The tale of two dinners and before and after

October-end, I rode a bike from Pasighat to Jenging to Ramsing (about 225 km) with a large rugsack behind me, a laptop bag in the front and a camera bag to the right. Most people must have thought I am a travelling salesman! It might have been a very pathetic mistake but well I took the risk and enjoyed it too. The bike was just repaired and I was not to travel faster than 40 km so it took me about 13 hours in total. A slow peaceful ride with the bike giving me trouble only about five times when I thought “what am I gonna do” and then the bike starts up and I continue precariously. Well anyways I reached Ramsing camp to meet the DFO, Mouling national park. Slept well and the next morning got to Bomdo village.

Here at the village things were a bit different now than last time, I had no person to cook and firewood at my disposal, so a meal was a painful ordeal. So I bought an electric stove from Itanagar, so now I cook using that but that takes a long time. So I spoke to friendly neighbourhood and requested them to cook me breakfast and pack-lunch which I can carry to field so it will save me a lot of trouble. The deal went on well, I give them fifty bucks a day and they cook me two meals and then I come back from field in the evening and cook my long-evening meal. But yesterday was different; as I finished cooking my meal another neighbour called me over to his place and asked me to get there immediately. I told him politely that I still need to eat my evening meal and then do some chores too. Anyways I obliged since it is extremely rude to turn down offers to come home in villages here. When I reached, he offered me rice wine which too I pleasantly obliged and after a mug or two, it dawned on me that he had me over for dinner! So he also set out dinner for me; fish from the Siang river and rice. I ate very happily drank another mug of rice wine and reached back my inspection bungalow where I stay. Then, watched a Chaplin movie just for some humour and then thought I should not waste my cooked meal and grabbed some to eat. When I took my first bite I realised it wasn’t cooked well! Then I felt really glad that I did eat some at another place. It was just luck that I was invited over for a meal before even I knew that my meal was not done well!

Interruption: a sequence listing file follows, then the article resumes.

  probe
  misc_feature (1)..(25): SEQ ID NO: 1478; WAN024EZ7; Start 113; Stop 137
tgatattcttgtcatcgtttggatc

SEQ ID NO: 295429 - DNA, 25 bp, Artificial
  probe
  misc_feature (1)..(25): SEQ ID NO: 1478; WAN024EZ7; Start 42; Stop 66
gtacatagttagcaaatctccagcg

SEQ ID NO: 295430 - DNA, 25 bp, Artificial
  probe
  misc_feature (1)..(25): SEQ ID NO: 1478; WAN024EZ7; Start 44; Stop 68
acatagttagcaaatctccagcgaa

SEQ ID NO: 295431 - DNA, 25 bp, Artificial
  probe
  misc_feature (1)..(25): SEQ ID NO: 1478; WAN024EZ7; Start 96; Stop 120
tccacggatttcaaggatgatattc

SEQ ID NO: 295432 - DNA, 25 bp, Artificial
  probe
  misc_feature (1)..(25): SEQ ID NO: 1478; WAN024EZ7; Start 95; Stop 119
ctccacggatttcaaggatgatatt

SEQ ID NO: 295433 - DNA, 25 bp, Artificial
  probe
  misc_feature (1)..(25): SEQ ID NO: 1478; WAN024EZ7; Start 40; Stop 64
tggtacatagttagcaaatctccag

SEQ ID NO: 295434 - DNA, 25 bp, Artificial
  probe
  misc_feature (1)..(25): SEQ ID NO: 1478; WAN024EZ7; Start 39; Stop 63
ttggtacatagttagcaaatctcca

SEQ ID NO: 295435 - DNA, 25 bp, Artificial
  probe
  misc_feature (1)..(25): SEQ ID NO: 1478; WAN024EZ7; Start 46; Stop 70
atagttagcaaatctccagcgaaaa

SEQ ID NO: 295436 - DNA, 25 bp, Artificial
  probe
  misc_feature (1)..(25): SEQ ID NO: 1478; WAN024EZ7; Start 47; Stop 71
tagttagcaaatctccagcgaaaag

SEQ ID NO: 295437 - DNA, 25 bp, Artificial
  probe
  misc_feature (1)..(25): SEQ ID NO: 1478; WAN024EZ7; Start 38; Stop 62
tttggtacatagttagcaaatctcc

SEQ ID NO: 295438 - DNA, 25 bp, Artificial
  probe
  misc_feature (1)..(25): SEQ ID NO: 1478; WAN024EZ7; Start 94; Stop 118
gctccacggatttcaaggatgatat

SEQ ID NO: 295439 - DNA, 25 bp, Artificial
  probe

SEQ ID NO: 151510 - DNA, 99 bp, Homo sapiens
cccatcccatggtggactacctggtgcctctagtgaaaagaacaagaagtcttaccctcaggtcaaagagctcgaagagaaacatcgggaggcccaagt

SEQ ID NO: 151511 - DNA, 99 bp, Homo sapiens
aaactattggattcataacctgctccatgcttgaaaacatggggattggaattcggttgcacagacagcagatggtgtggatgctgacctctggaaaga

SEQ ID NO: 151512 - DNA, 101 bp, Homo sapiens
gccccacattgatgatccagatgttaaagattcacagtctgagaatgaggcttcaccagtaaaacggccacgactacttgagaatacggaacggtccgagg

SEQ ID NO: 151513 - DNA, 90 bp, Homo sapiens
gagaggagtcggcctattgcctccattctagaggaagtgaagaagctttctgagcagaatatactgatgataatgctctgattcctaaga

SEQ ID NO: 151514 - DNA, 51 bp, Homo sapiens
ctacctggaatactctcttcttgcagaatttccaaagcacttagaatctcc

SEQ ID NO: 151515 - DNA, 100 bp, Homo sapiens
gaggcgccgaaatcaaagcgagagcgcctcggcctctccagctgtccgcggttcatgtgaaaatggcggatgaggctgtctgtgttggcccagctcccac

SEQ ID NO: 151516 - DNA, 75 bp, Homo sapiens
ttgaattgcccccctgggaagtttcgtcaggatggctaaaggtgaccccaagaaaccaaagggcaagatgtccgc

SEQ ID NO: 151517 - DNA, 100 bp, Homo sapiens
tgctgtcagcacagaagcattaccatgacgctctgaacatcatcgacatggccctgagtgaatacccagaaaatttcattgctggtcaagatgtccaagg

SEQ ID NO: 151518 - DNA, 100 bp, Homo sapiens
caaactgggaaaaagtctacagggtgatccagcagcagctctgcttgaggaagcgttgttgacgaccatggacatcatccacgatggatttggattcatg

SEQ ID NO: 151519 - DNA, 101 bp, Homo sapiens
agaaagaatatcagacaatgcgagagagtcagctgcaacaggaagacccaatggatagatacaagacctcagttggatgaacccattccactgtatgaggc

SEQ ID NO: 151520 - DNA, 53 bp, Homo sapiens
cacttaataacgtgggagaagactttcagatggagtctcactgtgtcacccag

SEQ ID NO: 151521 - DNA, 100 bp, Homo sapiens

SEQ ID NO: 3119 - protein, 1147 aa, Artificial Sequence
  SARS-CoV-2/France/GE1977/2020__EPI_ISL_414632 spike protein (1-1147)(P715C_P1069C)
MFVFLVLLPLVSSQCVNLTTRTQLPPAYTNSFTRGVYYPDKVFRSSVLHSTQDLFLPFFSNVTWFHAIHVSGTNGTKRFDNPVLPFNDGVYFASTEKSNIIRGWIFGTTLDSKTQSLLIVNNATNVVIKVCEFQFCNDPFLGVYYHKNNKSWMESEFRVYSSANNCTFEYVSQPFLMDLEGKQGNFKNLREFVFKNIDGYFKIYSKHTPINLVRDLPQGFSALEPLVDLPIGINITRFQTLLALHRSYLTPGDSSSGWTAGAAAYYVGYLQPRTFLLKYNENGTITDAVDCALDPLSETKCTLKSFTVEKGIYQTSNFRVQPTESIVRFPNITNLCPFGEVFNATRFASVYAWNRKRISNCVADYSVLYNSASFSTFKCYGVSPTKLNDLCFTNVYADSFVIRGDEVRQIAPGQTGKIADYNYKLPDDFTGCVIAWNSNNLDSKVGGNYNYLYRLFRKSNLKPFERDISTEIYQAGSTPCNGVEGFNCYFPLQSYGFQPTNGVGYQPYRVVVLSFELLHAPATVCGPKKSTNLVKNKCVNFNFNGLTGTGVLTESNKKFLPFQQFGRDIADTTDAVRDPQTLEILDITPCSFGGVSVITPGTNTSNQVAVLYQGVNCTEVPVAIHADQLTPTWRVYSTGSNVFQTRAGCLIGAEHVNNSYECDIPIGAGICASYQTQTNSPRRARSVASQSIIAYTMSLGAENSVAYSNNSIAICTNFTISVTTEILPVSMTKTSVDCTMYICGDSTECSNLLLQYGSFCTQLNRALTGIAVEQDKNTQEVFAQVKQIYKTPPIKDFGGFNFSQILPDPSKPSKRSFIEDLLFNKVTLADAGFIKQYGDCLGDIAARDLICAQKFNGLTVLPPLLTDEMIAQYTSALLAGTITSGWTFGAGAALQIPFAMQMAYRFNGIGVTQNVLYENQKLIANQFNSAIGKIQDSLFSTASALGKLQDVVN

The day before that we had a birthday party of a kid; the first year birthday. By the way, when I walked into the home I was advised to cache my slippers in a place I can recover since its common here that people with old torn slippers walk out with new better ones, never to be retrieved! The old women sang together many songs and one of them is a really really beautiful song called “Tayer gamcha”, the theme of the song is about a man being old enough to get married twice! Here it’s a common practice to get married more than once, if you can afford it. The ex-Chief Minister (CM) Gegong Apang from a nearby village called Karko has married five times and has been the CM for about 22 years of the Arunachal State!

Anyways, today is the day after and I had a good field time for the last four days and I had my dinner at neighborhood too; rice and beans with a little meat.